In 2008, GlaxoSmithKline’s then-head of litigation Bob Harchut was appointed “SPOC of the GELRT.” No, GSK wasn’t sending its associate general counsel into outer space, but he was exploring a new frontier for legal departments: competitive bidding.
Four years later, Harchut is still the “single point of contact” in the company’s “global external legal relations team.” And GSK is still leading the way for companies that seek to integrate their legal and procurement departments to obtain outside legal services.
When legal departments use competitive bidding, also called a “reverse auction,” they solicit proposals for outside legal services through a digital auction, often in conjunction with or modeled after the procedures of the company’s procurement department. During the process, the legal department and the participating firms have a clear picture of the “market” — i.e., what other firms are offering for their services. This takes the place of traditional requests for proposals (RFPs), which, in the past, also have been accompanied by a kind of “courting” process between the company and the firm.
GSK has seen overwhelming success with the new procedure in place, with the company reducing its legal spend by tens of millions of dollars, and 68 percent of its legal budget going toward value-based fee arrangements.
And competitive bidding is catching on in a growing number of legal departments. A recent report, “Speaking Different Languages: Alternative Fee Arrangements for Law Firms and Legal Departments,” by ALM Legal Intelligence, in conjunction with Lexis Nexis, confirms that other companies and the law firms they work with are jumping on the bandwagon. (ALM Legal Intelligence, like Texas Lawyer, is owned by ALM.) Of those companies responding to the survey, 20 percent of their legal departments indicated they had instituted a “reverse auction,” or competitive bidding, on high-volume and repetitive legal work; 36 percent of firms surveyed said they had been asked to participate in such a bidding process.
“It’s a trend that’s here to stay,” says Silvia Hodges, a Fordham Law School professor and legal marketing consultant. Hodges has developed an expertise in procurement and, along with business processes consultants at the Ark Group, recently helped to organize a conference in New York City, titled Power of the Purse: The Role of Corporate Procurement in the Buying of Legal Services. “I strongly advise law firms to understand how it works, and legal departments to be open to how procurement can help them,” she says. Hodges has a list of more than 50 legal departments that have gotten on board with the trend, including Bayer, Johnson & Johnson and Home Depot. Hodges also has noticed the trend among regional banks and financial services providers, as well as several of GSK’s fellow pharmaceutical companies.
These companies aren’t just turning to competitive bidding for routine legal services, either, Hodges and other experts agree. Courtney Sapire, president and chief marketing officer of RFx Legal, co-founded her consulting firm because she believes that procurement can be applied to legal services in a meaningful way. “Our goal is to align costs with services delivered,” Sapire says. RFx Legal works with legal departments to help implement competitive bidding.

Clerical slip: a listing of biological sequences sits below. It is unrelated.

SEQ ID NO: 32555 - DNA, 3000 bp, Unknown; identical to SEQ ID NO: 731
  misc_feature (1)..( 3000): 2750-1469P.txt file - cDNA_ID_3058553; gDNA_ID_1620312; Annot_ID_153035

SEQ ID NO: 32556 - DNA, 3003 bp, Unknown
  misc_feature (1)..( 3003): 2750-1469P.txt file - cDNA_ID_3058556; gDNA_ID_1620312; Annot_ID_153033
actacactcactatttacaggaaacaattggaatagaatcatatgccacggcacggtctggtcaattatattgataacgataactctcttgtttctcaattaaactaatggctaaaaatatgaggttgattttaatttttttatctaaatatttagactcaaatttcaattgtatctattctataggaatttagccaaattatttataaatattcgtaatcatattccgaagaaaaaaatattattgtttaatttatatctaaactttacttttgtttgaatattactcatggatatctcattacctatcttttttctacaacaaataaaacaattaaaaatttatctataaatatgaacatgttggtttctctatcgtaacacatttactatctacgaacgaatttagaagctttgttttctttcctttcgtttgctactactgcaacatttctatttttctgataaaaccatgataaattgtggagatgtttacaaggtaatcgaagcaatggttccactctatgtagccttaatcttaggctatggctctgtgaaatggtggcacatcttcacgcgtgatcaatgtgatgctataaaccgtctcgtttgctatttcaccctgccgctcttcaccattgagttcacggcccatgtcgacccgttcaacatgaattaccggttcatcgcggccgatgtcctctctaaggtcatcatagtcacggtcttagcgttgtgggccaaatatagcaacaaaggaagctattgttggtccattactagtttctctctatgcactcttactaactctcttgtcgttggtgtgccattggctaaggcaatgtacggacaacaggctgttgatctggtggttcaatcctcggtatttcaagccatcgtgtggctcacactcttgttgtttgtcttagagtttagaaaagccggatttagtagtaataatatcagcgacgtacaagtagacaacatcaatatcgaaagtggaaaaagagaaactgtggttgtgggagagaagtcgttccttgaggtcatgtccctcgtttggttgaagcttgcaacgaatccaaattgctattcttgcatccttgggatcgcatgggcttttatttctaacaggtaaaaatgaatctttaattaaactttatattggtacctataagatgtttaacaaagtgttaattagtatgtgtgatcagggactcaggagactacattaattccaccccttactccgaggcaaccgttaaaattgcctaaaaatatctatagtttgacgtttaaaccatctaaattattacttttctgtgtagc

Right now, the process generally involves identifying appropriate matters for outside counsel to bid on, arranging an “auction day” when the bidding takes place, and overseeing Q&A sessions and deal structuring around the auctions. RFx Legal has helped its clients to save up to 50 percent on their legal spend, and generally can find outside counsel for clients in as few as 10 days. The company is working to develop its own software designed specifically for legal procurement.
The loudest criticism of competitive bidding — the lack of a certain level of “human factor” — often comes from law firms, Sapire says. She attended the Ark Group conference, where at one point an attorney stood up and asked, “How can you live with yourself?” But firms can benefit from competitive bidding, too. Once they’re on the panel of firms a business turns to in an auction, they’re always offered an opportunity to submit a proposal for future work, says Sapire. They also receive feedback for why they were or were not chosen for the work.
At GSK, legal professionals have been pleased with how accommodating the competitive bidding model has been to all parties involved. In fact, the process is much more civilized than traditional legal services procurement, says Harchut. “It’s not a beauty pageant anymore, with big old-fashioned RFPs,” he says. Instead, it’s an internal team — made up of SPOCs from each legal, procurement, IT and finance department — working to hone its legal spend on the firms it knows and trusts, through a balance of qualitative and quantitative measures.
“I think everyone can do this,” Harchut says. “Don’t be afraid to try something new.” Even if it means having someone call you a GELRT.